... funeral rites which custom has not familiarized, or superstition rendered sacred, most men gravely deliberate how to prevent their body from being broken by the mattock and devoured by the worm, when it is no longer capable of sensation; and purchase a place for it in holy ground, when they believe the lot of its future existence to be irrevocably determined. So strong is the association of pleasing or painful ideas with certain opinions and actions which affect us while we live, that we involuntarily act as if it was ...
— A General History and Collection of Voyages and Travels, Vol. 12 • Robert Kerr

... Sensation—There is very markedly diminished reaction to pin prick all over the right side, including face, arm, chest, leg and tongue. In some places complete analgesia obtains. Reaction to touch is likewise diminished and recognition of ...
— The Journal of Abnormal Psychology - Volume 10

... the doctor left me. There is a pleasant sensation of security in feeling that no strangers are in possession of my address. I am easy enough in my mind to-day to notice how wonderfully well I look in my widow's weeds, and to make myself agreeable to the ...
— Armadale • Wilkie Collins

... water as pure as crystal. The even bed is covered with white gravel, and along both banks are splendid high trees. The whole laager could outspan under their shade, and it was a delightful, refreshing sensation to find oneself protected from the burning sun. We all drank of the delicious water, which we had seldom found in such abundance, and we also availed ourselves of it to ...
— My Reminiscences of the Anglo-Boer War • Ben Viljoen

... abandoned! we jumped into one, and one of my mates gave me the first lesson in "fossiking,"—In less than five minutes I pounced on a little pouch— the yellow boy was all there,—my eyes were sparkling,—I felt a sensation identical to a first declaration of love in by-gone times.—"Great works," at last was my bursting exclamation. In old Europe I had to take off my hat half a dozen times, and walk from east to west ...
— The Eureka Stockade • Carboni Raffaello

... had finished his Death of Wolfe, which excited a great sensation, both on account of its general merits as a work of art, and for representing the characters in the modern military costume. The King mentioned that he heard much of the picture, but he was informed that the dignity of the subject had been impaired by the latter ...
— The Life, Studies, And Works Of Benjamin West, Esq. • John Galt

... sees going on around him, gets his play from handling a rattle or a ball, from random movements of his legs and arms, or from playing with his fingers and his toes. He derives satisfaction from the sensations of touch and sight and sound, as well as from the feeling of freedom and the sensation of his active muscles. But this infantile play is not only satisfying to the child; it is a means for learning the use of his little hands and arms and legs. When the baby learns to crawl, and later to walk, he derives pleasure from the exercise of his newly-acquired arts, and at ...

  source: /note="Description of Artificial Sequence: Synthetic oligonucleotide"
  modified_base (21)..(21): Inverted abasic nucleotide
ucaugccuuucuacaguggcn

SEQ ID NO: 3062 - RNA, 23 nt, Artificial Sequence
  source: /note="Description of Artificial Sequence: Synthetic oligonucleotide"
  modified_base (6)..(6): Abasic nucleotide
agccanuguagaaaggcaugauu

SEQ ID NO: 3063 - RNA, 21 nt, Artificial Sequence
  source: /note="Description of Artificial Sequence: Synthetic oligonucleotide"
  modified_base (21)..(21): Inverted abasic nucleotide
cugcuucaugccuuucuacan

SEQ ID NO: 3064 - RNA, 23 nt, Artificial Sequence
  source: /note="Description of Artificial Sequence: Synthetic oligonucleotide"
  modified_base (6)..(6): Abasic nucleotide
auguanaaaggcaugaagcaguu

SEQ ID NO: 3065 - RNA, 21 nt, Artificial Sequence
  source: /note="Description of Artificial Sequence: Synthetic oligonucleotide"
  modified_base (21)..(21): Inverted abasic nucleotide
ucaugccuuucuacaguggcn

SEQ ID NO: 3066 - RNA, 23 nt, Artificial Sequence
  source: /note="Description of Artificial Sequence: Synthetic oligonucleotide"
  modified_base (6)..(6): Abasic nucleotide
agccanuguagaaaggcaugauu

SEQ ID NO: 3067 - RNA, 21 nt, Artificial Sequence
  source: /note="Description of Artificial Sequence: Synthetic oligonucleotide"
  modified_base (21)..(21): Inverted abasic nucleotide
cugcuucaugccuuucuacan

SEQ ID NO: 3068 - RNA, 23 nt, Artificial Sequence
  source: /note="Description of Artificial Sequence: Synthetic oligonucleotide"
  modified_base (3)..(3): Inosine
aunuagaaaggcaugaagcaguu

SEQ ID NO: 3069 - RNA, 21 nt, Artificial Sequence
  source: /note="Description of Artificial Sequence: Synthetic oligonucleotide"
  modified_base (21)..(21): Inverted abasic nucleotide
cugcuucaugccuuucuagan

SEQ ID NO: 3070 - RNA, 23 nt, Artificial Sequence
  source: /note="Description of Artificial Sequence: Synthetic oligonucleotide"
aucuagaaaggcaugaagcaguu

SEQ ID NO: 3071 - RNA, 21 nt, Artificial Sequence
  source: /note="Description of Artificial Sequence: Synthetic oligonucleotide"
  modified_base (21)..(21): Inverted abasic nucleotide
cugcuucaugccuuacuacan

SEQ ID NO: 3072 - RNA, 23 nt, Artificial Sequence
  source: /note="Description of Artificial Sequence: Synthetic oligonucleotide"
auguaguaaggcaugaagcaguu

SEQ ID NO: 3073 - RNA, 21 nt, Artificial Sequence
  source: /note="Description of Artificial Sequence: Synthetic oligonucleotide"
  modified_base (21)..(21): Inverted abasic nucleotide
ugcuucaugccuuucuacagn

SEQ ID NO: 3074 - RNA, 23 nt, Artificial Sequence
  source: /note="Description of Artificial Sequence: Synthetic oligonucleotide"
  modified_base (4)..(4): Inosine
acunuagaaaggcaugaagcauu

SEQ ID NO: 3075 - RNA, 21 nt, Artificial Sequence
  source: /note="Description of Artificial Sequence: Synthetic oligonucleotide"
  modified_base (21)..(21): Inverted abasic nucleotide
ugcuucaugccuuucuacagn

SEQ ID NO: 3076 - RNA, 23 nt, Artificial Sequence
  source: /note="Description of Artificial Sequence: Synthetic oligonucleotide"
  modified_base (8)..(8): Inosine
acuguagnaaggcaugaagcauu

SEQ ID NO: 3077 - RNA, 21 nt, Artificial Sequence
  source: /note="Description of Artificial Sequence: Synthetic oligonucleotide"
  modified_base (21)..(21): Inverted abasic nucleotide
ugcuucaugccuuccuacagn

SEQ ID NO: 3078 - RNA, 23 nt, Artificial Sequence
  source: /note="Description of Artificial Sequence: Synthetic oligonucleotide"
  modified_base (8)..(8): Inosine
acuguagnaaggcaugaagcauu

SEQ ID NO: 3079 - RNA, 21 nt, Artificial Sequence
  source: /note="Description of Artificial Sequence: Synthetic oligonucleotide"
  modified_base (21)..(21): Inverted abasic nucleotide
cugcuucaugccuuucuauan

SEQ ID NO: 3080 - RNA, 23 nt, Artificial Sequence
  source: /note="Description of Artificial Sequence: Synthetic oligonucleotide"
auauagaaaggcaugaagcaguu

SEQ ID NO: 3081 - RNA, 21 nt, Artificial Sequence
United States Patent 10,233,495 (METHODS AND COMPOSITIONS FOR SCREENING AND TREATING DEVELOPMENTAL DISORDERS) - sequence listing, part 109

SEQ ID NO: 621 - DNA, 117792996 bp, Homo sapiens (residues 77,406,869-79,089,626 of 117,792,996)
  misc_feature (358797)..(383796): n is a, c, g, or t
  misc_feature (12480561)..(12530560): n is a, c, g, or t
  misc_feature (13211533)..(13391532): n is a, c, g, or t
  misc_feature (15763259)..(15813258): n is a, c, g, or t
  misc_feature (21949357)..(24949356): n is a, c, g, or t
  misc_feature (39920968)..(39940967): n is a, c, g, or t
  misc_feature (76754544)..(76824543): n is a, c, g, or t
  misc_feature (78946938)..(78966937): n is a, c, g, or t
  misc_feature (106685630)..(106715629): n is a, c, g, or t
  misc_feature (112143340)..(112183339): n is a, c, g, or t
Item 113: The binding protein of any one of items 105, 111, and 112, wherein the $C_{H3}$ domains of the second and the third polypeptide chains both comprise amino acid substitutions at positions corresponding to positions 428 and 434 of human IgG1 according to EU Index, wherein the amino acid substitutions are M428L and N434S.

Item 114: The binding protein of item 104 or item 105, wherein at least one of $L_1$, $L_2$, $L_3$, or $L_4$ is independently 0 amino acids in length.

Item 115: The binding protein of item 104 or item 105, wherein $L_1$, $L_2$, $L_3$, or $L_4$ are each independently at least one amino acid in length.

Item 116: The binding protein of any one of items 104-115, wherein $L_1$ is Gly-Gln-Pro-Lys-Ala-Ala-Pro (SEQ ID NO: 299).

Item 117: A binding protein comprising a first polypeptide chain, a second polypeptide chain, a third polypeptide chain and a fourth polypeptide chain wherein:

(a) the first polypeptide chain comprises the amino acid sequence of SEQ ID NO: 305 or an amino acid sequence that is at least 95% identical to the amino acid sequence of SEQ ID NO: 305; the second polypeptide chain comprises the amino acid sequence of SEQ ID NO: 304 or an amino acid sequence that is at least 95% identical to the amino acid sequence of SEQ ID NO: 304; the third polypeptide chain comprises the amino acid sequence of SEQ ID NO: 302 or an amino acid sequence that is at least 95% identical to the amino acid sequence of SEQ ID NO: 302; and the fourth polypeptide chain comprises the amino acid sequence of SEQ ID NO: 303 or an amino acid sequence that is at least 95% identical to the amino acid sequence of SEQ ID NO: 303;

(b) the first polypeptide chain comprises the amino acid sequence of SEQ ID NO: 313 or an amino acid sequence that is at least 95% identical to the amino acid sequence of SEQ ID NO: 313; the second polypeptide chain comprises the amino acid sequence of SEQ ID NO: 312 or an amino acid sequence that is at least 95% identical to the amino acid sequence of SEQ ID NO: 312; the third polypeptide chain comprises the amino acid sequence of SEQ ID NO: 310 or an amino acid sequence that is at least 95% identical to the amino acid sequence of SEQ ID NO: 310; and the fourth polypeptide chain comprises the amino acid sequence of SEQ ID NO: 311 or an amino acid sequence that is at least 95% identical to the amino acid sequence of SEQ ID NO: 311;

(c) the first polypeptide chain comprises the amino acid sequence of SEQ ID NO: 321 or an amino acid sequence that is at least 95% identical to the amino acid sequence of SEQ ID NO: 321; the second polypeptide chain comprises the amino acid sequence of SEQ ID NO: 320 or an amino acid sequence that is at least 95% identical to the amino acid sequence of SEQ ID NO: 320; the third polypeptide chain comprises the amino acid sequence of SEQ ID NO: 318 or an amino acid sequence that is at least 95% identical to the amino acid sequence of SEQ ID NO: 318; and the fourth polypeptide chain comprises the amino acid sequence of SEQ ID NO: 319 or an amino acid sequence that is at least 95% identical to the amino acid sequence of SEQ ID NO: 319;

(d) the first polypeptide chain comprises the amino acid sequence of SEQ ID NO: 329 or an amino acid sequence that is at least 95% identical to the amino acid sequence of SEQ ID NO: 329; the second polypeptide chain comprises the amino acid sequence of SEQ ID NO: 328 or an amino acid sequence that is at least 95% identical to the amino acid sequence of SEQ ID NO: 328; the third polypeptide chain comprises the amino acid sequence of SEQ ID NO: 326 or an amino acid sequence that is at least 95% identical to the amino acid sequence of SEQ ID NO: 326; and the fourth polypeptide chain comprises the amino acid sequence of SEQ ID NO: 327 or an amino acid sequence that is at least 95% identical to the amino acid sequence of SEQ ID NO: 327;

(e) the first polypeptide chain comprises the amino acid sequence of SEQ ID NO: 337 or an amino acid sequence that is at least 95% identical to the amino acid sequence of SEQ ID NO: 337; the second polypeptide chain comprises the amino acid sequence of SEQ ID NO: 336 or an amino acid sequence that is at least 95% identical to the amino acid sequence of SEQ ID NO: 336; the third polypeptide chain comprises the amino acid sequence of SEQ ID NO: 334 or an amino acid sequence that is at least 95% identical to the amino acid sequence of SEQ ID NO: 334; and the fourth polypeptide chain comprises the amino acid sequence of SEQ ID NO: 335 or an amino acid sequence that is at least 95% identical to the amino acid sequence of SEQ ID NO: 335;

— Your Child: Today and Tomorrow • Sidonie Matzner Gruenberg

... and nothing to read," growled a nicely-dressed gentleman, as he yawned and stretched himself to manifest his sensation ...
— Now or Never - The Adventures of Bobby Bright • Oliver Optic

... no knife there. Friends, I have met with many surprises. More than once in battle and scout have I been nigh death; but never did my blood desert my veins and settle so around the heart, never did such a sickening sensation possess me, as when, standing in that car with my beautiful mare before me marked with those horrible symptoms, I made that discovery. My knife, my sword, my pistols even, were with my suit in the care ...
— The Junior Classics Volume 8 - Animal and Nature Stories • Selected and arranged by William Patten

... he wanted me to take that line in confidential conversations with fellows seeking copy. I was quite resigned to that. Incidentally, I was overcome by the conviction—perhaps it was no more than a sensation—that that girl was mixed up in this thing, that her shadow was somewhere among the others flickering upon the sheet. I wanted to ask Fox if he knew her. But, then, in that absurd business, I did not even know her name, and the whole story ...
— The Inheritors • Joseph Conrad

... said, "I'll get up the anchor and we'll try to go off on the starboard tack. If we don't we'll have to jibe immediately. With this much wind it won't matter, but you might not like the sensation." ...
— Priscilla's Spies 1912 • George A. Birmingham

... it, I am at a loss to know. In all our present company there's not a wit worth listening to, nor a woman with sufficient vice or virtue to make her interesting. I feel like turning saint for the sake of a new sensation." ...
— The Brown Mask • Percy J. Brebner